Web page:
By: Don Oehlert
It’s just a “little tiny lie…” “I’ll never get caught…” “They’ll never find out about this…” “I can get away with this one little thing on my resume, right?”
Except you can’t.
The internet is a very scary place. If you think that you have any privacy any more, you’re dreaming.
Anything in the public record (ie: anything in the legal space – your house sale, any proceedings that include law enforcement, possibly even your credit score in some places) is open to anyone with a couple of bucks that wants to find out about you before they hire you. If you are going for an executive position, then they spend even more money researching you – they really want to know who they are getting.
Check with your state’s department of Labor for more information on the topic.
Here’s the deal. Who doesn’t want to know whether you were fired for cheating on your expenses? Who doesn’t want to know that you were fired because you treat customers shabbily? Who doesn’t want to know whether you were fired because you’re not really a rock-star salesperson? Who doesn’t want to know whether you’ve been… well… lying about some facet of your career for several years now?
Worse than that, when they find out (as they inevitably will), you’re fired.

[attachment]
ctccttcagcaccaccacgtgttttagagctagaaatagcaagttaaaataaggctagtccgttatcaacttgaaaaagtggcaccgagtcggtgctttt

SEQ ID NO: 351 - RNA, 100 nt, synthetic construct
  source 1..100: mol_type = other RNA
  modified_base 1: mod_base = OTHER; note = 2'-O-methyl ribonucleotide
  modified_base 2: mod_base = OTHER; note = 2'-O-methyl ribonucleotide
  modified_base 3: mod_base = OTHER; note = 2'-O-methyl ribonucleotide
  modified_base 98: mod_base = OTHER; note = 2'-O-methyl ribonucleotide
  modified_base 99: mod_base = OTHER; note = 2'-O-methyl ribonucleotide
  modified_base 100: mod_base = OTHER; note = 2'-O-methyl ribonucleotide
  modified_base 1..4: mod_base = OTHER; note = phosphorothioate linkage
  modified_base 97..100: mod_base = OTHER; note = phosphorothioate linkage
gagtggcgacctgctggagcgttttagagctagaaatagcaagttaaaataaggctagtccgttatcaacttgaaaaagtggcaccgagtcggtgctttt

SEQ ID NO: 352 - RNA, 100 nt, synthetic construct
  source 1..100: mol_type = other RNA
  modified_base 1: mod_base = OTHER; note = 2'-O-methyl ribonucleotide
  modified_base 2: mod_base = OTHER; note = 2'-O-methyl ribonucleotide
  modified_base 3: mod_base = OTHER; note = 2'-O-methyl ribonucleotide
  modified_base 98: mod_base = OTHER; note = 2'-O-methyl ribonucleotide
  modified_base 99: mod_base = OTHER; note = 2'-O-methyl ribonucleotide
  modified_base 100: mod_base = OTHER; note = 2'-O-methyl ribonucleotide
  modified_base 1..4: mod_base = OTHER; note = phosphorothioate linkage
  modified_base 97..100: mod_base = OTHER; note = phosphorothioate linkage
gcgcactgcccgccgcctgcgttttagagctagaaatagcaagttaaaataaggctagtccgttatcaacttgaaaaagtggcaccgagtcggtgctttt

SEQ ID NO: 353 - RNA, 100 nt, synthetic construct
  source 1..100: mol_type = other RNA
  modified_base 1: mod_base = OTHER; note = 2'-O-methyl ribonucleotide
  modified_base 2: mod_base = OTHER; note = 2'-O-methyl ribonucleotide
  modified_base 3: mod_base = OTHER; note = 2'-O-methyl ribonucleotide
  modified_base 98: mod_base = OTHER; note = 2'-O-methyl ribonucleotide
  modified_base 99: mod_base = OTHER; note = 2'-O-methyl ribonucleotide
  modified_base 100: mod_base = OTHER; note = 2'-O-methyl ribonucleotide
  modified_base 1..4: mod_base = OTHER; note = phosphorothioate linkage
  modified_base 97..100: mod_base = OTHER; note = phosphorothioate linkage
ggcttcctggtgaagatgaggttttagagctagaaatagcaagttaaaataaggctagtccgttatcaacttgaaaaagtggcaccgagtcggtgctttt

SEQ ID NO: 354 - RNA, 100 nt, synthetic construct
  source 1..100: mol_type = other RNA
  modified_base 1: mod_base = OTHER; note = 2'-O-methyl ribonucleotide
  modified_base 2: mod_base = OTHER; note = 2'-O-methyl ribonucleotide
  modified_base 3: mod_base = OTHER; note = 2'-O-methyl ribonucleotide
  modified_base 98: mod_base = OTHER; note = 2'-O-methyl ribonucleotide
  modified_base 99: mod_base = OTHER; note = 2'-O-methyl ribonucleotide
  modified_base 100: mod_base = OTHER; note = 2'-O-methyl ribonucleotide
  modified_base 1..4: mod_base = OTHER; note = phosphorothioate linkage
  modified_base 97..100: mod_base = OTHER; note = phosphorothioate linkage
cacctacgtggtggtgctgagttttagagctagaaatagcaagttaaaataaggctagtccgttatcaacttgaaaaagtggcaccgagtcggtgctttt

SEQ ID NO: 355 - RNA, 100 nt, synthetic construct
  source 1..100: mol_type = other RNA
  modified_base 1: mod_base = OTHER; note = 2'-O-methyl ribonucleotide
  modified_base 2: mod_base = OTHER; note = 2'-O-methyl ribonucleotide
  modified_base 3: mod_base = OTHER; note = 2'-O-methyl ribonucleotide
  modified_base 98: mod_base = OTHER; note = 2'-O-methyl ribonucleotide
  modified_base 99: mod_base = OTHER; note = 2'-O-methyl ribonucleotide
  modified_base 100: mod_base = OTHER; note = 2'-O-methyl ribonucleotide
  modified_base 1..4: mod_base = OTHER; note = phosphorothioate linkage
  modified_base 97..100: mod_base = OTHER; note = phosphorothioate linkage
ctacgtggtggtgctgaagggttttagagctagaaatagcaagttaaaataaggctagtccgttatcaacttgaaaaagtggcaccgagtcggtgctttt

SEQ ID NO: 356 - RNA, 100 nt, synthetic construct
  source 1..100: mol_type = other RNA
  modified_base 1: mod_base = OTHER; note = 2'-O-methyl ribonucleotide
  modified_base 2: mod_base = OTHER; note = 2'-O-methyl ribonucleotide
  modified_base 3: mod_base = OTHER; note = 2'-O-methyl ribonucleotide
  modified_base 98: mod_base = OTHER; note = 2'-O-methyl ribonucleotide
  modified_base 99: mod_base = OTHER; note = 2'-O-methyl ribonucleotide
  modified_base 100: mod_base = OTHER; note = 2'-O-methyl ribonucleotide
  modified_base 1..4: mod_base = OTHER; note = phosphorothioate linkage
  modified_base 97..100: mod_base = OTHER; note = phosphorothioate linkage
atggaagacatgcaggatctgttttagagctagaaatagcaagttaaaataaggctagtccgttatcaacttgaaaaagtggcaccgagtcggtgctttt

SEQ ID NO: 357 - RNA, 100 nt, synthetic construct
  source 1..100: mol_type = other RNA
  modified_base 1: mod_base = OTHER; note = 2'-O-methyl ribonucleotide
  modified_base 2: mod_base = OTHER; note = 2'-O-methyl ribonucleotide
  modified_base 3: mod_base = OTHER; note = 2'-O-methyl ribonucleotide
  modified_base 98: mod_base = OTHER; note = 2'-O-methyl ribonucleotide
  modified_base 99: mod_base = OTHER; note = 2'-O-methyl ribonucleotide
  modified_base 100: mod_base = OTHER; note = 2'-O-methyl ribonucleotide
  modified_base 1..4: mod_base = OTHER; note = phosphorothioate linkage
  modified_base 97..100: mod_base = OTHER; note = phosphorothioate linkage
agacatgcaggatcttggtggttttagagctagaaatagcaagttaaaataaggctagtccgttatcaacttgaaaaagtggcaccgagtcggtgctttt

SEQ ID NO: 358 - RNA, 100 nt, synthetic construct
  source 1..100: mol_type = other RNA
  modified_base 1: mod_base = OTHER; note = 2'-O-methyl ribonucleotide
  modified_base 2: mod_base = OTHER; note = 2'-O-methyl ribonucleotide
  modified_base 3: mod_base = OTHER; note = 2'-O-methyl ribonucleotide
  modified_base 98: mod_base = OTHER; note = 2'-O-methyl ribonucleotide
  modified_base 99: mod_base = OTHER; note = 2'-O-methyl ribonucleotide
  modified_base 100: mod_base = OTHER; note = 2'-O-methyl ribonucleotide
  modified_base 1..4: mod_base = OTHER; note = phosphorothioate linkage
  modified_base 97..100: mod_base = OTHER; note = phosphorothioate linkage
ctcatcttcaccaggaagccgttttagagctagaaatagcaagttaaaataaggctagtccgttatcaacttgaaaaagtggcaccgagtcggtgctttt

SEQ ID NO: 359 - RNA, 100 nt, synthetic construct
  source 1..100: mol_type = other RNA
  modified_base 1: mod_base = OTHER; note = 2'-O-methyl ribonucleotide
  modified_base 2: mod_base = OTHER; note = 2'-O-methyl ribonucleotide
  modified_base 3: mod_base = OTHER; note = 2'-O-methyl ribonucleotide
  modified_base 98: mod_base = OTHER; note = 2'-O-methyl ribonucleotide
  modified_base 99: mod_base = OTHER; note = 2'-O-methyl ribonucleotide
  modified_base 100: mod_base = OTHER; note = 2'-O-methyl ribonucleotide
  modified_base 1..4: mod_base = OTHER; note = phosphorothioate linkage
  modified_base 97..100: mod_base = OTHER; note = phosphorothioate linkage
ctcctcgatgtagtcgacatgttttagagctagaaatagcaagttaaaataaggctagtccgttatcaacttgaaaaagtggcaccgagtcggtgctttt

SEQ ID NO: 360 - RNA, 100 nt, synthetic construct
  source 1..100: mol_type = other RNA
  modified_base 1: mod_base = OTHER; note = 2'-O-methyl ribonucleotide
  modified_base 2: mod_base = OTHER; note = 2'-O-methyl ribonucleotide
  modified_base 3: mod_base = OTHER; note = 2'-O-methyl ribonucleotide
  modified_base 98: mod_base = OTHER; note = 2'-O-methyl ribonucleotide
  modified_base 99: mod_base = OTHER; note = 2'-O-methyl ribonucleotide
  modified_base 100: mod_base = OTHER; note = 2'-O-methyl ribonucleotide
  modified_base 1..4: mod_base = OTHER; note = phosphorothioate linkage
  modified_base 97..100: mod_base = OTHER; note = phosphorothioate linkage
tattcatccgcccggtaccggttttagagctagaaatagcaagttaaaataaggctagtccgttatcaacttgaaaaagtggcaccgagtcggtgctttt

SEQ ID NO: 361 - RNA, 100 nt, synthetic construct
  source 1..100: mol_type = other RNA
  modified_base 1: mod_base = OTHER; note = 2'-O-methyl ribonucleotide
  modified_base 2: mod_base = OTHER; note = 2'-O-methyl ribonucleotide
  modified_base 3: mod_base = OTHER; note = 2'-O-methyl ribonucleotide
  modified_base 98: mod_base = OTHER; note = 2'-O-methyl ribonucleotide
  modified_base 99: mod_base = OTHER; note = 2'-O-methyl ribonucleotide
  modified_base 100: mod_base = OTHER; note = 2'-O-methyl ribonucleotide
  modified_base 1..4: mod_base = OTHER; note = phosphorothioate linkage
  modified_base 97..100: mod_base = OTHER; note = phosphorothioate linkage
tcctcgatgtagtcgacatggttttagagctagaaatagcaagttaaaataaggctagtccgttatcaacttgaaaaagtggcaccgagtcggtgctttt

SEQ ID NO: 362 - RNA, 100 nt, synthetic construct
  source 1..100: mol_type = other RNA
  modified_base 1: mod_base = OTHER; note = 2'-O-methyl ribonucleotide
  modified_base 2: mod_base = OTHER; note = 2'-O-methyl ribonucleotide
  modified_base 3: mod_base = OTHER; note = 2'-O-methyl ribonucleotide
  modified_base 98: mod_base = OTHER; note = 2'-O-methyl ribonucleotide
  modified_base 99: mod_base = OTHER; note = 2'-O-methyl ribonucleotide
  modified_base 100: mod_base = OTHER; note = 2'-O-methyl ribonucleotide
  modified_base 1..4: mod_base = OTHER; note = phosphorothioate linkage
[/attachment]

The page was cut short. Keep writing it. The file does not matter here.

Guess what: 92% of all employers will perform a background check. So, if you told a “little tiny lie” about how long you worked somewhere, or a little tiny lie about how well you performed while you were there, it will come back to bite you.
The above figures come from the Society for Human Rights Management (SHRM). They are highly credible in their research, by the way.
Further, a study by Accountemps shows that 34% of all candidates are dropped from consideration after their references are checked. In case you’re counting, that’s 1 out of 3 that are dropped from consideration. Look around the room – if you see 2 other people, one of them (if not you) is that person.
A survey conducted by ResumeLab showed that 93% of the respondents to the survey know someone that told a lie on their resume.
Ninety-three percent (93%) know people that have lied.
Not surprisingly, 65% of those caught lying were either fired immediately, or were not hired in the first place, according to ResumeLab. Dr. Obvious here, but that’s two out of three.
There is positive news here
In a nutshell, if your resume is filled with all truthful statements, you will have beaten out a bunch of your competition.
At least a third of them.
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